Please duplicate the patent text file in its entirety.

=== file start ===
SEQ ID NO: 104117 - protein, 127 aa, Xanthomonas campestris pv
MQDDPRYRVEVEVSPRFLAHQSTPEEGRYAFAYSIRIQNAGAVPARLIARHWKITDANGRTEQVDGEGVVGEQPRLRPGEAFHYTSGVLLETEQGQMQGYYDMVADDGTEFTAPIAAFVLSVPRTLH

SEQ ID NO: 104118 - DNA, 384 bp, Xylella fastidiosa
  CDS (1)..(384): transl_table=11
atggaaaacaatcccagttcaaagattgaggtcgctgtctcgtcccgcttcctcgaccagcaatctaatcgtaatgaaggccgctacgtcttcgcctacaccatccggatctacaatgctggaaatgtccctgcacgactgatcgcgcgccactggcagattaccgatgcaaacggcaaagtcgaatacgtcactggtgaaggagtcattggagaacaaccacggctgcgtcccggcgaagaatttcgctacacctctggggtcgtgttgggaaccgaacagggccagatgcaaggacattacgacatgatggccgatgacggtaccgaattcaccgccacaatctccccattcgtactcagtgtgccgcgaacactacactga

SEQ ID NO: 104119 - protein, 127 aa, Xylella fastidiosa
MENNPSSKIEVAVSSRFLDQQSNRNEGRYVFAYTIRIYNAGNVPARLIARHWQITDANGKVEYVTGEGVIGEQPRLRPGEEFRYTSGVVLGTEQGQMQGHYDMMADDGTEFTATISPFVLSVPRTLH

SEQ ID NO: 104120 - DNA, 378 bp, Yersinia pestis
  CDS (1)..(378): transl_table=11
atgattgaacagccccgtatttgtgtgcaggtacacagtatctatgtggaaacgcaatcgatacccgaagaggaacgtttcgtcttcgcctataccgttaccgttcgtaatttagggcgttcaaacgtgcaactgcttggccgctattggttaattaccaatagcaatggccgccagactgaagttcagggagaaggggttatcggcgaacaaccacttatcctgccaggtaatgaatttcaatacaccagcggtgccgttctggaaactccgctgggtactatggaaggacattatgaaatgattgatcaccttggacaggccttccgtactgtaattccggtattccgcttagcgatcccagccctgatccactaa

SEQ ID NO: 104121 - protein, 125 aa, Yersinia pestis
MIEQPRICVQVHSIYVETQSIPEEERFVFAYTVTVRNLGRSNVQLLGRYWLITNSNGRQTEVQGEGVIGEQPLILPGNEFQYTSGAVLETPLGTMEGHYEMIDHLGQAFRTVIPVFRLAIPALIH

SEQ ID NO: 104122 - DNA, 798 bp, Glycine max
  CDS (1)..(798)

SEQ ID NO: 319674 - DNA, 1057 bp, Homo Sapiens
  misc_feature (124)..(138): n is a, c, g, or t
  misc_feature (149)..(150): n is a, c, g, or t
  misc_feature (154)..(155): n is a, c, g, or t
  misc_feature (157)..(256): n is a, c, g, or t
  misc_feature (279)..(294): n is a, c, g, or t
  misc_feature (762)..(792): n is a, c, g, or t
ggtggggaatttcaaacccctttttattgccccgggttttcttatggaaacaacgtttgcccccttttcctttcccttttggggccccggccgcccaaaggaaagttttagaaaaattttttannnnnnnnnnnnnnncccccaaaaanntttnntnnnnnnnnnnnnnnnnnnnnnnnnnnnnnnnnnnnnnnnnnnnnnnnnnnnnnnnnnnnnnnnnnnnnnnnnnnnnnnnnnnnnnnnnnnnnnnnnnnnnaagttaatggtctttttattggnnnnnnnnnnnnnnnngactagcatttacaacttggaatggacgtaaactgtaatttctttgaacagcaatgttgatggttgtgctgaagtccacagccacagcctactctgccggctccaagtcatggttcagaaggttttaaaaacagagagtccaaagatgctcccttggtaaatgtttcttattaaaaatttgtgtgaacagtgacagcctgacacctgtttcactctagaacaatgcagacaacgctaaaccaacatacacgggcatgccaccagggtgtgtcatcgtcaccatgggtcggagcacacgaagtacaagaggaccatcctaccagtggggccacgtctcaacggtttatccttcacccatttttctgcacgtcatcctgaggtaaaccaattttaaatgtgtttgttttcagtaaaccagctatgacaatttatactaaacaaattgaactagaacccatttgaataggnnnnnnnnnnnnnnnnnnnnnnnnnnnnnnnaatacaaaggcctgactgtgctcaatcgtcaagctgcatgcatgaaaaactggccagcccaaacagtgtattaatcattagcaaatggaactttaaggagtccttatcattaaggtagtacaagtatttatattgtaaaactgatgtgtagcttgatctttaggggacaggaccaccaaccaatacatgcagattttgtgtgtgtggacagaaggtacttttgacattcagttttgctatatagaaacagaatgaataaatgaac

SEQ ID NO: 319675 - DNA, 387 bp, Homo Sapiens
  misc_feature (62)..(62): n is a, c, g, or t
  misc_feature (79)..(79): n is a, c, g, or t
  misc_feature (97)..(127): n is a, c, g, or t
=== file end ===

SEQ ID NO: 104117 - protein, 127 aa, Xanthomonas campestris pv
MQDDPRYRVEVEVSPRFLAHQSTPEEGRYAFAYSIRIQNAGAVPARLIARHWKITDANGRTEQVDGEGVVGEQPRLRPGEAFHYTSGVLLETEQGQMQGYYDMVADDGTEFTAPIAAFVLSVPRTLH

SEQ ID NO: 104118 - DNA, 384 bp, Xylella fastidiosa
  CDS (1)..(384): transl_table=11
atggaaaacaatcccagttcaaagattgaggtcgctgtctcgtcccgcttcctcgaccagcaatctaatcgtaatgaaggccgctacgtcttcgcctacaccatccggatctacaatgctggaaatgtccctgcacgactgatcgcgcgccactggcagattaccgatgcaaacggcaaagtcgaatacgtcactggtgaaggagtcattggagaacaaccacggctgcgtcccggcgaagaatttcgctacacctctggggtcgtgttgggaaccgaacagggccagatgcaaggacattacgacatgatggccgatgacggtaccgaattcaccgccacaatctccccattcgtactcagtgtgccgcgaacactacactga

SEQ ID NO: 104119 - protein, 127 aa, Xylella fastidiosa
MENNPSSKIEVAVSSRFLDQQSNRNEGRYVFAYTIRIYNAGNVPARLIARHWQITDANGKVEYVTGEGVIGEQPRLRPGEEFRYTSGVVLGTEQGQMQGHYDMMADDGTEFTATISPFVLSVPRTLH

SEQ ID NO: 104120 - DNA, 378 bp, Yersinia pestis
  CDS (1)..(378): transl_table=11
atgattgaacagccccgtatttgtgtgcaggtacacagtatctatgtggaaacgcaatcgatacccgaagaggaacgtttcgtcttcgcctataccgttaccgttcgtaatttagggcgttcaaacgtgcaactgcttggccgctattggttaattaccaatagcaatggccgccagactgaagttcagggagaaggggttatcggcgaacaaccacttatcctgccaggtaatgaatttcaatacaccagcggtgccgttctggaaactccgctgggtactatggaaggacattatgaaatgattgatcaccttggacaggccttccgtactgtaattccggtattccgcttagcgatcccagccctgatccactaa

SEQ ID NO: 104121 - protein, 125 aa, Yersinia pestis
MIEQPRICVQVHSIYVETQSIPEEERFVFAYTVTVRNLGRSNVQLLGRYWLITNSNGRQTEVQGEGVIGEQPLILPGNEFQYTSGAVLETPLGTMEGHYEMIDHLGQAFRTVIPVFRLAIPALIH

SEQ ID NO: 104122 - DNA, 798 bp, Glycine max
  CDS (1)..(798)

SEQ ID NO: 319674 - DNA, 1057 bp, Homo Sapiens
  misc_feature (124)..(138): n is a, c, g, or t
  misc_feature (149)..(150): n is a, c, g, or t
  misc_feature (154)..(155): n is a, c, g, or t
  misc_feature (157)..(256): n is a, c, g, or t
  misc_feature (279)..(294): n is a, c, g, or t
  misc_feature (762)..(792): n is a, c, g, or t
ggtggggaatttcaaacccctttttattgccccgggttttcttatggaaacaacgtttgcccccttttcctttcccttttggggccccggccgcccaaaggaaagttttagaaaaattttttannnnnnnnnnnnnnncccccaaaaanntttnntnnnnnnnnnnnnnnnnnnnnnnnnnnnnnnnnnnnnnnnnnnnnnnnnnnnnnnnnnnnnnnnnnnnnnnnnnnnnnnnnnnnnnnnnnnnnnnnnnnnnaagttaatggtctttttattggnnnnnnnnnnnnnnnngactagcatttacaacttggaatggacgtaaactgtaatttctttgaacagcaatgttgatggttgtgctgaagtccacagccacagcctactctgccggctccaagtcatggttcagaaggttttaaaaacagagagtccaaagatgctcccttggtaaatgtttcttattaaaaatttgtgtgaacagtgacagcctgacacctgtttcactctagaacaatgcagacaacgctaaaccaacatacacgggcatgccaccagggtgtgtcatcgtcaccatgggtcggagcacacgaagtacaagaggaccatcctaccagtggggccacgtctcaacggtttatccttcacccatttttctgcacgtcatcctgaggtaaaccaattttaaatgtgtttgttttcagtaaaccagctatgacaatttatactaaacaaattgaactagaacccatttgaataggnnnnnnnnnnnnnnnnnnnnnnnnnnnnnnnaatacaaaggcctgactgtgctcaatcgtcaagctgcatgcatgaaaaactggccagcccaaacagtgtattaatcattagcaaatggaactttaaggagtccttatcattaaggtagtacaagtatttatattgtaaaactgatgtgtagcttgatctttaggggacaggaccaccaaccaatacatgcagattttgtgtgtgtggacagaaggtacttttgacattcagttttgctatatagaaacagaatgaataaatgaac

SEQ ID NO: 319675 - DNA, 387 bp, Homo Sapiens
  misc_feature (62)..(62): n is a, c, g, or t
  misc_feature (79)..(79): n is a, c, g, or t
  misc_feature (97)..(127): n is a, c, g, or t